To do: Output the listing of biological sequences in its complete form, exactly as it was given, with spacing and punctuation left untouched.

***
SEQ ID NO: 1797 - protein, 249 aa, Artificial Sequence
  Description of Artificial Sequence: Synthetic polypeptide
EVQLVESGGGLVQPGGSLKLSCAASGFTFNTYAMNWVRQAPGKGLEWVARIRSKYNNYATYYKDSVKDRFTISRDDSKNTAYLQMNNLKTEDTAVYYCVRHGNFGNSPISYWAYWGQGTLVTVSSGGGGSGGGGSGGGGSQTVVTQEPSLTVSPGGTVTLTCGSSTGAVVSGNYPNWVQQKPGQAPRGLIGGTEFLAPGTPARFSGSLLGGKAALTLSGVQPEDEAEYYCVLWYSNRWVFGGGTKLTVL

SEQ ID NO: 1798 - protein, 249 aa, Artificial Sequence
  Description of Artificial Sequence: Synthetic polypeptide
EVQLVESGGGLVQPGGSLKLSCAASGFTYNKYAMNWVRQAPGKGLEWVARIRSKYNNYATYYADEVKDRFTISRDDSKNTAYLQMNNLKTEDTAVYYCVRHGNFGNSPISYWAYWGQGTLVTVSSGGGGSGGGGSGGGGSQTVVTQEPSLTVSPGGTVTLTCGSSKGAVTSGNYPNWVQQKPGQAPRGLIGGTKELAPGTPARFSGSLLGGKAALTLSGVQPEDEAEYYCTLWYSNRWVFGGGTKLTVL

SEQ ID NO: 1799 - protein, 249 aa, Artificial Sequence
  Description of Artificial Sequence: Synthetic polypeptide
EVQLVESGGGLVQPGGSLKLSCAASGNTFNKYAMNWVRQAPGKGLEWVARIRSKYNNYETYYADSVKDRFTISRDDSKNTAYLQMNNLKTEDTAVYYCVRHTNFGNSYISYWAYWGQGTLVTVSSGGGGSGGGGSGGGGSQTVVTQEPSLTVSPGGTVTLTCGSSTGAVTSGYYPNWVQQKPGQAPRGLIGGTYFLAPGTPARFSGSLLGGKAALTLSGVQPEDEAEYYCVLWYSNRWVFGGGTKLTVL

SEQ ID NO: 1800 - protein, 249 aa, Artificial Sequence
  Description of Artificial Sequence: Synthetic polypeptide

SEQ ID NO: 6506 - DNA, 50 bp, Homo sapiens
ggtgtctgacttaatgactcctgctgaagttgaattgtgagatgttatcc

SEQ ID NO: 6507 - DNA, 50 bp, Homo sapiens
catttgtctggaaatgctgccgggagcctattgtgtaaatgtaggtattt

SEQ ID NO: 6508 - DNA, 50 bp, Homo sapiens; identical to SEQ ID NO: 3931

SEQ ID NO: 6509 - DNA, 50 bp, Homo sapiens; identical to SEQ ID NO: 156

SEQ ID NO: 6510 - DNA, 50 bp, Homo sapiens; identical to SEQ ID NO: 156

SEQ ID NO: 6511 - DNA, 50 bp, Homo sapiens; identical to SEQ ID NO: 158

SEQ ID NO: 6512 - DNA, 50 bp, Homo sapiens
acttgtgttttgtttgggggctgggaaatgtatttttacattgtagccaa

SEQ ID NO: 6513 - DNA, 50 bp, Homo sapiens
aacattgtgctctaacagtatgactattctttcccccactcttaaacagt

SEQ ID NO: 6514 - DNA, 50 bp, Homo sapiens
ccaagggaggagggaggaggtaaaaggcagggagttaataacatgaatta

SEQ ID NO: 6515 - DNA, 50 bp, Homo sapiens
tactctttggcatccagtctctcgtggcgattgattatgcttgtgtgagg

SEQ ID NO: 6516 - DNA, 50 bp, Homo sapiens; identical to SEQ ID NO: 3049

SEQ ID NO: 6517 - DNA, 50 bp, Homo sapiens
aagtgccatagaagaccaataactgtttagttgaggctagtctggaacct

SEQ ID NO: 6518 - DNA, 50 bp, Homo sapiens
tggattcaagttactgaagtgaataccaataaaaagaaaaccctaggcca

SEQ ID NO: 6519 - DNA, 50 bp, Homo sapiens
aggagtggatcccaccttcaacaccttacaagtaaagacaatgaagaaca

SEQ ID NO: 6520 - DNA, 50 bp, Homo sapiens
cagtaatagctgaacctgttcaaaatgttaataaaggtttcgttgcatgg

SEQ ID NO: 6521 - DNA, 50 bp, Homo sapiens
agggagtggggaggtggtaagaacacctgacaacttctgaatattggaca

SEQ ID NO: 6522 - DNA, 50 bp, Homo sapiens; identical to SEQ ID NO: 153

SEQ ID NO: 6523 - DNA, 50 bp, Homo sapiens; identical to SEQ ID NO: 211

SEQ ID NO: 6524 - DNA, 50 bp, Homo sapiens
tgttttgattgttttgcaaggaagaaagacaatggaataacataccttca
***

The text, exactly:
SEQ ID NO: 1797 - protein, 249 aa, Artificial Sequence
  Description of Artificial Sequence: Synthetic polypeptide
EVQLVESGGGLVQPGGSLKLSCAASGFTFNTYAMNWVRQAPGKGLEWVARIRSKYNNYATYYKDSVKDRFTISRDDSKNTAYLQMNNLKTEDTAVYYCVRHGNFGNSPISYWAYWGQGTLVTVSSGGGGSGGGGSGGGGSQTVVTQEPSLTVSPGGTVTLTCGSSTGAVVSGNYPNWVQQKPGQAPRGLIGGTEFLAPGTPARFSGSLLGGKAALTLSGVQPEDEAEYYCVLWYSNRWVFGGGTKLTVL

SEQ ID NO: 1798 - protein, 249 aa, Artificial Sequence
  Description of Artificial Sequence: Synthetic polypeptide
EVQLVESGGGLVQPGGSLKLSCAASGFTYNKYAMNWVRQAPGKGLEWVARIRSKYNNYATYYADEVKDRFTISRDDSKNTAYLQMNNLKTEDTAVYYCVRHGNFGNSPISYWAYWGQGTLVTVSSGGGGSGGGGSGGGGSQTVVTQEPSLTVSPGGTVTLTCGSSKGAVTSGNYPNWVQQKPGQAPRGLIGGTKELAPGTPARFSGSLLGGKAALTLSGVQPEDEAEYYCTLWYSNRWVFGGGTKLTVL

SEQ ID NO: 1799 - protein, 249 aa, Artificial Sequence
  Description of Artificial Sequence: Synthetic polypeptide
EVQLVESGGGLVQPGGSLKLSCAASGNTFNKYAMNWVRQAPGKGLEWVARIRSKYNNYETYYADSVKDRFTISRDDSKNTAYLQMNNLKTEDTAVYYCVRHTNFGNSYISYWAYWGQGTLVTVSSGGGGSGGGGSGGGGSQTVVTQEPSLTVSPGGTVTLTCGSSTGAVTSGYYPNWVQQKPGQAPRGLIGGTYFLAPGTPARFSGSLLGGKAALTLSGVQPEDEAEYYCVLWYSNRWVFGGGTKLTVL

SEQ ID NO: 1800 - protein, 249 aa, Artificial Sequence
  Description of Artificial Sequence: Synthetic polypeptide

SEQ ID NO: 6506 - DNA, 50 bp, Homo sapiens
ggtgtctgacttaatgactcctgctgaagttgaattgtgagatgttatcc

SEQ ID NO: 6507 - DNA, 50 bp, Homo sapiens
catttgtctggaaatgctgccgggagcctattgtgtaaatgtaggtattt

SEQ ID NO: 6508 - DNA, 50 bp, Homo sapiens; identical to SEQ ID NO: 3931

SEQ ID NO: 6509 - DNA, 50 bp, Homo sapiens; identical to SEQ ID NO: 156

SEQ ID NO: 6510 - DNA, 50 bp, Homo sapiens; identical to SEQ ID NO: 156

SEQ ID NO: 6511 - DNA, 50 bp, Homo sapiens; identical to SEQ ID NO: 158

SEQ ID NO: 6512 - DNA, 50 bp, Homo sapiens
acttgtgttttgtttgggggctgggaaatgtatttttacattgtagccaa

SEQ ID NO: 6513 - DNA, 50 bp, Homo sapiens
aacattgtgctctaacagtatgactattctttcccccactcttaaacagt

SEQ ID NO: 6514 - DNA, 50 bp, Homo sapiens
ccaagggaggagggaggaggtaaaaggcagggagttaataacatgaatta

SEQ ID NO: 6515 - DNA, 50 bp, Homo sapiens
tactctttggcatccagtctctcgtggcgattgattatgcttgtgtgagg

SEQ ID NO: 6516 - DNA, 50 bp, Homo sapiens; identical to SEQ ID NO: 3049

SEQ ID NO: 6517 - DNA, 50 bp, Homo sapiens
aagtgccatagaagaccaataactgtttagttgaggctagtctggaacct

SEQ ID NO: 6518 - DNA, 50 bp, Homo sapiens
tggattcaagttactgaagtgaataccaataaaaagaaaaccctaggcca

SEQ ID NO: 6519 - DNA, 50 bp, Homo sapiens
aggagtggatcccaccttcaacaccttacaagtaaagacaatgaagaaca

SEQ ID NO: 6520 - DNA, 50 bp, Homo sapiens
cagtaatagctgaacctgttcaaaatgttaataaaggtttcgttgcatgg

SEQ ID NO: 6521 - DNA, 50 bp, Homo sapiens
agggagtggggaggtggtaagaacacctgacaacttctgaatattggaca

SEQ ID NO: 6522 - DNA, 50 bp, Homo sapiens; identical to SEQ ID NO: 153

SEQ ID NO: 6523 - DNA, 50 bp, Homo sapiens; identical to SEQ ID NO: 211

SEQ ID NO: 6524 - DNA, 50 bp, Homo sapiens
tgttttgattgttttgcaaggaagaaagacaatggaataacataccttca